Sir Alfred Lewis Jones
Sir Alfred Lewis Jones
William Thomas
William Thomas
<em>Colony</em> built for William Thomas in 1885
Colony built for William Thomas in 1885
<em>Crocodile</em> built for William Thomas in 1892
Crocodile built for William Thomas in 1892
<em>Metropolis</em> built for William Thomas in 1887
Metropolis built for William Thomas in 1887

Wales has a 1,200km (750 mile) coastline and a long tradition of seafaring. Welsh sailors travelled around the world, exporting Welsh goods and importing raw materials for industry. Welsh shipping lines were among the best-known in maritime trade and the company owners were amongst the richest.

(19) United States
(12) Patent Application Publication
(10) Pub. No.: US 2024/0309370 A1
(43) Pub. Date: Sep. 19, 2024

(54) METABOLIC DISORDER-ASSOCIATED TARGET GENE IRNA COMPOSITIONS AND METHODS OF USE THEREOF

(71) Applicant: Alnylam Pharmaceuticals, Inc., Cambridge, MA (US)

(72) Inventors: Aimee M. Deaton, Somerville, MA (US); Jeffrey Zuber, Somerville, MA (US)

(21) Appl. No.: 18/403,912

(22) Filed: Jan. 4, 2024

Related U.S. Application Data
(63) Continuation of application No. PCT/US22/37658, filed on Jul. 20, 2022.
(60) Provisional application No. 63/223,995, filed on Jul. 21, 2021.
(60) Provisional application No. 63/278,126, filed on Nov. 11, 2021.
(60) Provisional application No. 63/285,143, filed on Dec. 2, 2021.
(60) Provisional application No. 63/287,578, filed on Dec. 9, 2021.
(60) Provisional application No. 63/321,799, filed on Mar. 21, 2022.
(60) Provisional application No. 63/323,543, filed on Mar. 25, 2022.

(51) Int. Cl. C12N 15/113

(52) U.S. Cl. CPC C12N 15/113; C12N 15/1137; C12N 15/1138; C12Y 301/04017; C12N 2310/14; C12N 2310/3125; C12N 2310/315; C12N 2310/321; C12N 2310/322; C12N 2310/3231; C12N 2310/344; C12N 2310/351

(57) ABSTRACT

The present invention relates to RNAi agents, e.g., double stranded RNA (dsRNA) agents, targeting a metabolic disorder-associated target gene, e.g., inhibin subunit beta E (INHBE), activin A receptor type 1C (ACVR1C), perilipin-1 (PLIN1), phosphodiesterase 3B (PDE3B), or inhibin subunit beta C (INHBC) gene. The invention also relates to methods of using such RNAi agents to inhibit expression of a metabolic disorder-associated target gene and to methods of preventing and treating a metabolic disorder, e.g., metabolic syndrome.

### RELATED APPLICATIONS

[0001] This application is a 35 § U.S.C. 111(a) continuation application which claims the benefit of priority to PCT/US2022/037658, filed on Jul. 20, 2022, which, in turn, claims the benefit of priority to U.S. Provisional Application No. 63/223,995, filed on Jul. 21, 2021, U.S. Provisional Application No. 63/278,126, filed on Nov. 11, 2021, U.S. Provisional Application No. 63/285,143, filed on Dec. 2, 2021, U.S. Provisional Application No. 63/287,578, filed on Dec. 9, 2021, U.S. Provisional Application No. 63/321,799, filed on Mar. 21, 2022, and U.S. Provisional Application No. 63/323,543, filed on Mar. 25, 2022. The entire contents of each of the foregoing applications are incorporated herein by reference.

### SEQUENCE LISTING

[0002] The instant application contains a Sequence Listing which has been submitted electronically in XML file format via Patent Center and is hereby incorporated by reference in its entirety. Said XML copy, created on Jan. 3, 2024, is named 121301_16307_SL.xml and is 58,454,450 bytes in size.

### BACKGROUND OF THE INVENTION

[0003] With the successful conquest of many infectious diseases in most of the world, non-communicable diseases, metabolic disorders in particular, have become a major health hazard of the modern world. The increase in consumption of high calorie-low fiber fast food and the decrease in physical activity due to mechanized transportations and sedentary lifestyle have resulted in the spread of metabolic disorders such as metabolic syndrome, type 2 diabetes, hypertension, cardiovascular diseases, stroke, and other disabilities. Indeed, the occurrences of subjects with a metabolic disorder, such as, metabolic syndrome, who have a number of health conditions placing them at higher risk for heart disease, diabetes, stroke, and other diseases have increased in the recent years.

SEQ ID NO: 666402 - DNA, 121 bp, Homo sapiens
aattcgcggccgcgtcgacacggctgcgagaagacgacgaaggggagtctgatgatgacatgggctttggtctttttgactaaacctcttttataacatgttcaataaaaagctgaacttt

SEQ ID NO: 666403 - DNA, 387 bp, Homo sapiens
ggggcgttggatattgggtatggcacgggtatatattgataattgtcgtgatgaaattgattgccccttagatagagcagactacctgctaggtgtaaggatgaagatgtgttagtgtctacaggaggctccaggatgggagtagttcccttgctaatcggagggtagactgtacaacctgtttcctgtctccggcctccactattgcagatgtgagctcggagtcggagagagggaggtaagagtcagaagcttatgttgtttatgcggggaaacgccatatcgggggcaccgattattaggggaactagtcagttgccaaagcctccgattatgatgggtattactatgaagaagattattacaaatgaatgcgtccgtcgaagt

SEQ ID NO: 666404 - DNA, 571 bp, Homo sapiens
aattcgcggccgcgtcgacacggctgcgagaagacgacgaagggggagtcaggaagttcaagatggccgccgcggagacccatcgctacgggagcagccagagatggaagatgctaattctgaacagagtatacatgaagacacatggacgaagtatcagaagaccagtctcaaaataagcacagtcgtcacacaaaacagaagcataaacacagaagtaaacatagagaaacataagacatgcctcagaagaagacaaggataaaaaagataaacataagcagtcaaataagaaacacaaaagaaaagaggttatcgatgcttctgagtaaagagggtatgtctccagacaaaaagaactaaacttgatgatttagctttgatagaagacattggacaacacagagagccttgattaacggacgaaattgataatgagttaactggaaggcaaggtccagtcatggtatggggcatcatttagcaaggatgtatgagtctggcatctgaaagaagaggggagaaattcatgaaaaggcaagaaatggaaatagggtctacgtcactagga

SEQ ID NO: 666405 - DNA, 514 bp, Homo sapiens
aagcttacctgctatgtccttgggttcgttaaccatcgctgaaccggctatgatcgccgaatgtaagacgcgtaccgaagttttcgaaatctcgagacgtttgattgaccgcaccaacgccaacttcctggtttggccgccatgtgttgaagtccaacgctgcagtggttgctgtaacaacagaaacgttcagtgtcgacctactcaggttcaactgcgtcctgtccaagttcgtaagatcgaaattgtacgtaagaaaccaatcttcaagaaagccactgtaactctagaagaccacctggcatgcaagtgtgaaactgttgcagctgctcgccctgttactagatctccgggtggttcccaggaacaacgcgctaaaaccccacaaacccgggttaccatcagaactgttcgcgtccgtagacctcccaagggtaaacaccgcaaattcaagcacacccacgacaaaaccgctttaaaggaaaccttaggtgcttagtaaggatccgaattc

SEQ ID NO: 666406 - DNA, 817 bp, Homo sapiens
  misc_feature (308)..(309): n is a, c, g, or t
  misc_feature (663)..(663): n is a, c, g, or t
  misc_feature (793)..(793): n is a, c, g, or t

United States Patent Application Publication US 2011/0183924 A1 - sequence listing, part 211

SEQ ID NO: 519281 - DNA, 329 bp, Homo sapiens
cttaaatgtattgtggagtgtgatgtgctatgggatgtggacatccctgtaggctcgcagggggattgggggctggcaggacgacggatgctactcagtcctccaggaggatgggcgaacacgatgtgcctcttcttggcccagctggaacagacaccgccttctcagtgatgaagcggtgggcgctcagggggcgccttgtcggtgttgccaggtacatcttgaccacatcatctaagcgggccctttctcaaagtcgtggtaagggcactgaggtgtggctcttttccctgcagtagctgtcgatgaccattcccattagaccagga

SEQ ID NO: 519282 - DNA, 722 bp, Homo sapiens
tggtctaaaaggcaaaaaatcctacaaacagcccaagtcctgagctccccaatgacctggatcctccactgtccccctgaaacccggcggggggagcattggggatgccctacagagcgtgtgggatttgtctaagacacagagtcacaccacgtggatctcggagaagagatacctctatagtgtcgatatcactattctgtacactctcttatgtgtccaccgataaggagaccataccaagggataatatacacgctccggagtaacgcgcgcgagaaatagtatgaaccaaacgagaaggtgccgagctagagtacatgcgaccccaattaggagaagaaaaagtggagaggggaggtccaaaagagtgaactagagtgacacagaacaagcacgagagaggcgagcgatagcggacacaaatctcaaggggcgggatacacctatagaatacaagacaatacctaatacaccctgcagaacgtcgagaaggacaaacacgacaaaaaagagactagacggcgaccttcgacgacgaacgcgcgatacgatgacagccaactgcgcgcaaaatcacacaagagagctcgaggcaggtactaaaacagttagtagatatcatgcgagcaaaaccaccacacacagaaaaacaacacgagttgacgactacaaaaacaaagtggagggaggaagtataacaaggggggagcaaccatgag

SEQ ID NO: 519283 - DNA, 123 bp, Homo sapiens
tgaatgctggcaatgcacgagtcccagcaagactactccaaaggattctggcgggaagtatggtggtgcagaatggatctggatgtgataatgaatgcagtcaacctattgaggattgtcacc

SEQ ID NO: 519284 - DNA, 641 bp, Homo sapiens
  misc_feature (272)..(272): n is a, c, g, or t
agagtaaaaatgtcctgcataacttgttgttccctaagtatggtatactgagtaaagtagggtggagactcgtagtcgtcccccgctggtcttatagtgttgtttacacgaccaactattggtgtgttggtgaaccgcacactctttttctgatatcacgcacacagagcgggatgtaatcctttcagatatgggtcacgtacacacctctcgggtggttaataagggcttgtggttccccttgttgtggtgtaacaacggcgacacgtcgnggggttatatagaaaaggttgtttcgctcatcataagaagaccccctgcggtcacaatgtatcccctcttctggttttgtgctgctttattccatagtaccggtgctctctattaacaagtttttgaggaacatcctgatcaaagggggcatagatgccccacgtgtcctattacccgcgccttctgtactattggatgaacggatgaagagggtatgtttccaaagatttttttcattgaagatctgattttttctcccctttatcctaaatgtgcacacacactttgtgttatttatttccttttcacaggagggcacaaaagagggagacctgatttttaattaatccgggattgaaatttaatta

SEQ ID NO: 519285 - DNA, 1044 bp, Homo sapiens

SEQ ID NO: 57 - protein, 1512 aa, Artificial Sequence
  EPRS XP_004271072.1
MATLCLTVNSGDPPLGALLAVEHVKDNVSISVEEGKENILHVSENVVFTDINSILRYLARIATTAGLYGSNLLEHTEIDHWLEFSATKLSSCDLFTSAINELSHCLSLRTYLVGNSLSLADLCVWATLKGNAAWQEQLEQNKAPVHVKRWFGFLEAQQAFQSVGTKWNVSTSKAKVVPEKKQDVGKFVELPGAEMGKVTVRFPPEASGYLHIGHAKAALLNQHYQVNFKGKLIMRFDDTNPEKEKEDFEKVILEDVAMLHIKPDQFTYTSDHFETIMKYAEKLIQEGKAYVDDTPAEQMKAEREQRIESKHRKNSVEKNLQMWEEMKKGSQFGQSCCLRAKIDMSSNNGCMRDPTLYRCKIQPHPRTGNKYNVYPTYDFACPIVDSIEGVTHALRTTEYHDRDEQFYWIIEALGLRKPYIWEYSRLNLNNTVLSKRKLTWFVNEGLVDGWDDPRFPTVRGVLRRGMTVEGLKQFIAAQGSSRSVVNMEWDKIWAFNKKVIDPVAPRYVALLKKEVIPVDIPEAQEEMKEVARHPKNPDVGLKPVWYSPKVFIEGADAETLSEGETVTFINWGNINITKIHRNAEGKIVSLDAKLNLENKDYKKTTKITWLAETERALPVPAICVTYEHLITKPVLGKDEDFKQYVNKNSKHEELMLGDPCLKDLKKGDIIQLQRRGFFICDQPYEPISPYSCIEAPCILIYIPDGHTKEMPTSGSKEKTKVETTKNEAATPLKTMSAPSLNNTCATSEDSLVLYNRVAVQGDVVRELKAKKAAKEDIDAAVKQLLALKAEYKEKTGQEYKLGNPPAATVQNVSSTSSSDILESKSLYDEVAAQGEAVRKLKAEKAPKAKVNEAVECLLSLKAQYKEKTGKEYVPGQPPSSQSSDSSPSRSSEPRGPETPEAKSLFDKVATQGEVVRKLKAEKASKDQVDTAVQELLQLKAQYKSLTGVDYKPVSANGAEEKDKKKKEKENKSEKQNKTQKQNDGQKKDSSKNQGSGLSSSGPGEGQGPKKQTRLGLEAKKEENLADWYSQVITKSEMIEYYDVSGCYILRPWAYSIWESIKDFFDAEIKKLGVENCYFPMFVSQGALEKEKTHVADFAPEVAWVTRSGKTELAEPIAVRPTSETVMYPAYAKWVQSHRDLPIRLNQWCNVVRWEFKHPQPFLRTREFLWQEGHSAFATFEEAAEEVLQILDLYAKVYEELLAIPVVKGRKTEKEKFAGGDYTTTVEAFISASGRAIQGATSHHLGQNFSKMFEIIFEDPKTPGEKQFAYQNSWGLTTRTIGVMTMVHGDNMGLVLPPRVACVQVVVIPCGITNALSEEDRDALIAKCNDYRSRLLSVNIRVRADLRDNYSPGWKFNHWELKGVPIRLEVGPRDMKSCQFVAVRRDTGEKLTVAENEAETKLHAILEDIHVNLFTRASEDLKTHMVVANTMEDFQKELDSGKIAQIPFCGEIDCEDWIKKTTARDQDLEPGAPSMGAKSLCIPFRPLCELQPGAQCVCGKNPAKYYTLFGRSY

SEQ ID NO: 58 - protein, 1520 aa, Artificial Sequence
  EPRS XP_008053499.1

With the large and important Atlantic port of Liverpool being so close to north Wales, it is no surprise to find that a number of important shipowners in the city were Welsh.

Sir Alfred Lewis Jones, originally of Carmarthenshire, was an apprentice at the African Steamship Company from the age of 12 in 1857. By 1900 he owned the majority of the company. He founded the Liverpool School of Tropical Medicine.

By the nature of their work, Welsh mariners travelled the world and many of them settled in other countries. William Jones of Newborough in Anglesey sailed on his uncle's ships to Australia and settled in Burnie, Tasmania in 1872 aged 30. He became the most prominent shipowner and industrialist in the area.

William Thomas

William Thomas was born in Llanrhuddlad, Anglesey in 1837. He moved to Liverpool as a clerk in 1854 and six years later had his own shipping company, despite hating sailing himself. He retained strong links with north Wales and Anglesey but became Mayor of Bootle in 1892 and 1899. He died in 1915.

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